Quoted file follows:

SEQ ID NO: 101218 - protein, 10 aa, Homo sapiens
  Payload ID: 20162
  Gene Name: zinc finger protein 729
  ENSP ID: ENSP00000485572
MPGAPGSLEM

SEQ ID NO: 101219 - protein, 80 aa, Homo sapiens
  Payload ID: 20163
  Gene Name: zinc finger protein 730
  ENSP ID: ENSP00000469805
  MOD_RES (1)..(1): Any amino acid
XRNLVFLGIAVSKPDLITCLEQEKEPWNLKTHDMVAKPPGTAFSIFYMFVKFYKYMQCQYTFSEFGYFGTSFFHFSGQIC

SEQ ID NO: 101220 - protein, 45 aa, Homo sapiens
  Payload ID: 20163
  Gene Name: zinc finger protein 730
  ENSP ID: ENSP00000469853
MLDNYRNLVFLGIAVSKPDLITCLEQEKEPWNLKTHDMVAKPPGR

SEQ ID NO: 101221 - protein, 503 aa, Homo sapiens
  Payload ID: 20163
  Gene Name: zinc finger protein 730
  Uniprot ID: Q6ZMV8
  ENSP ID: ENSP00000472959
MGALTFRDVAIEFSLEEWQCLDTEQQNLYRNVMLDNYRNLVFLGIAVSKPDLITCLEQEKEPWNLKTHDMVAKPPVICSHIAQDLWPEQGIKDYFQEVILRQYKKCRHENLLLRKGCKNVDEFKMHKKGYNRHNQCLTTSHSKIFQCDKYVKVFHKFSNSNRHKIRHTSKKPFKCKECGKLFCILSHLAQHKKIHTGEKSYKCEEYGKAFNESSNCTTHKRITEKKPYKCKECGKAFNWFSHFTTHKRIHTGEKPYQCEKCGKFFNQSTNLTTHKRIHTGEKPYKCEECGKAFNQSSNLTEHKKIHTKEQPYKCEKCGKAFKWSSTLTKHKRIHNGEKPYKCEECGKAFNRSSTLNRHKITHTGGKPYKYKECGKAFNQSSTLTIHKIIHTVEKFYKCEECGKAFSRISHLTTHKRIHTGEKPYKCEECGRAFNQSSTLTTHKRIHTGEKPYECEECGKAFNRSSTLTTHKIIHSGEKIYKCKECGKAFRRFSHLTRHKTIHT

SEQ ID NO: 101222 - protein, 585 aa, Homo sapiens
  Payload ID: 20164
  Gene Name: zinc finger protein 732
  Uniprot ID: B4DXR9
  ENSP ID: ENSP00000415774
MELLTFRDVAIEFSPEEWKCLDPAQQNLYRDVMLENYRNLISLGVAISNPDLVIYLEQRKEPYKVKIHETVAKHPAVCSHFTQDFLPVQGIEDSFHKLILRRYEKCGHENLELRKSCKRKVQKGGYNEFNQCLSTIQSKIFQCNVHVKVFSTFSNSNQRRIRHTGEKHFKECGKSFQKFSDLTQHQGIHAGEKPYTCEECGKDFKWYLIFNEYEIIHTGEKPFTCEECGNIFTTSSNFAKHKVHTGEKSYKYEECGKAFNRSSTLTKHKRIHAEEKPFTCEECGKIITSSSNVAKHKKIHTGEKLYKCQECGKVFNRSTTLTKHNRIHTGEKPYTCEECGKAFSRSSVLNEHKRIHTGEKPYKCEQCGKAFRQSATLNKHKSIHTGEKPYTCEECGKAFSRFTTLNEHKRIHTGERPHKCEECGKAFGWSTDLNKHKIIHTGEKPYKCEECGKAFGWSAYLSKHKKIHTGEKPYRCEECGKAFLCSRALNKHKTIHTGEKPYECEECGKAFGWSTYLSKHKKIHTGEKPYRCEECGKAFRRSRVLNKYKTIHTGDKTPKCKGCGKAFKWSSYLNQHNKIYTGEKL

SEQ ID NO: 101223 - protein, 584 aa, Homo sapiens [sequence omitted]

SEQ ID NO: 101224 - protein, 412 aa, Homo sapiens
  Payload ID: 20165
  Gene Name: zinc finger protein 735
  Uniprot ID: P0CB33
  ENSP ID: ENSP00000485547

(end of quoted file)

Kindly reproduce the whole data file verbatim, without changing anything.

SEQ ID NO: 101218 - protein, 10 aa, Homo sapiens
  Payload ID: 20162
  Gene Name: zinc finger protein 729
  ENSP ID: ENSP00000485572
MPGAPGSLEM

SEQ ID NO: 101219 - protein, 80 aa, Homo sapiens
  Payload ID: 20163
  Gene Name: zinc finger protein 730
  ENSP ID: ENSP00000469805
  MOD_RES (1)..(1): Any amino acid
XRNLVFLGIAVSKPDLITCLEQEKEPWNLKTHDMVAKPPGTAFSIFYMFVKFYKYMQCQYTFSEFGYFGTSFFHFSGQIC

SEQ ID NO: 101220 - protein, 45 aa, Homo sapiens
  Payload ID: 20163
  Gene Name: zinc finger protein 730
  ENSP ID: ENSP00000469853
MLDNYRNLVFLGIAVSKPDLITCLEQEKEPWNLKTHDMVAKPPGR

SEQ ID NO: 101221 - protein, 503 aa, Homo sapiens
  Payload ID: 20163
  Gene Name: zinc finger protein 730
  Uniprot ID: Q6ZMV8
  ENSP ID: ENSP00000472959
MGALTFRDVAIEFSLEEWQCLDTEQQNLYRNVMLDNYRNLVFLGIAVSKPDLITCLEQEKEPWNLKTHDMVAKPPVICSHIAQDLWPEQGIKDYFQEVILRQYKKCRHENLLLRKGCKNVDEFKMHKKGYNRHNQCLTTSHSKIFQCDKYVKVFHKFSNSNRHKIRHTSKKPFKCKECGKLFCILSHLAQHKKIHTGEKSYKCEEYGKAFNESSNCTTHKRITEKKPYKCKECGKAFNWFSHFTTHKRIHTGEKPYQCEKCGKFFNQSTNLTTHKRIHTGEKPYKCEECGKAFNQSSNLTEHKKIHTKEQPYKCEKCGKAFKWSSTLTKHKRIHNGEKPYKCEECGKAFNRSSTLNRHKITHTGGKPYKYKECGKAFNQSSTLTIHKIIHTVEKFYKCEECGKAFSRISHLTTHKRIHTGEKPYKCEECGRAFNQSSTLTTHKRIHTGEKPYECEECGKAFNRSSTLTTHKIIHSGEKIYKCKECGKAFRRFSHLTRHKTIHT

SEQ ID NO: 101222 - protein, 585 aa, Homo sapiens
  Payload ID: 20164
  Gene Name: zinc finger protein 732
  Uniprot ID: B4DXR9
  ENSP ID: ENSP00000415774
MELLTFRDVAIEFSPEEWKCLDPAQQNLYRDVMLENYRNLISLGVAISNPDLVIYLEQRKEPYKVKIHETVAKHPAVCSHFTQDFLPVQGIEDSFHKLILRRYEKCGHENLELRKSCKRKVQKGGYNEFNQCLSTIQSKIFQCNVHVKVFSTFSNSNQRRIRHTGEKHFKECGKSFQKFSDLTQHQGIHAGEKPYTCEECGKDFKWYLIFNEYEIIHTGEKPFTCEECGNIFTTSSNFAKHKVHTGEKSYKYEECGKAFNRSSTLTKHKRIHAEEKPFTCEECGKIITSSSNVAKHKKIHTGEKLYKCQECGKVFNRSTTLTKHNRIHTGEKPYTCEECGKAFSRSSVLNEHKRIHTGEKPYKCEQCGKAFRQSATLNKHKSIHTGEKPYTCEECGKAFSRFTTLNEHKRIHTGERPHKCEECGKAFGWSTDLNKHKIIHTGEKPYKCEECGKAFGWSAYLSKHKKIHTGEKPYRCEECGKAFLCSRALNKHKTIHTGEKPYECEECGKAFGWSTYLSKHKKIHTGEKPYRCEECGKAFRRSRVLNKYKTIHTGDKTPKCKGCGKAFKWSSYLNQHNKIYTGEKL

SEQ ID NO: 101223 - protein, 584 aa, Homo sapiens [sequence omitted]

SEQ ID NO: 101224 - protein, 412 aa, Homo sapiens
  Payload ID: 20165
  Gene Name: zinc finger protein 735
  Uniprot ID: P0CB33
  ENSP ID: ENSP00000485547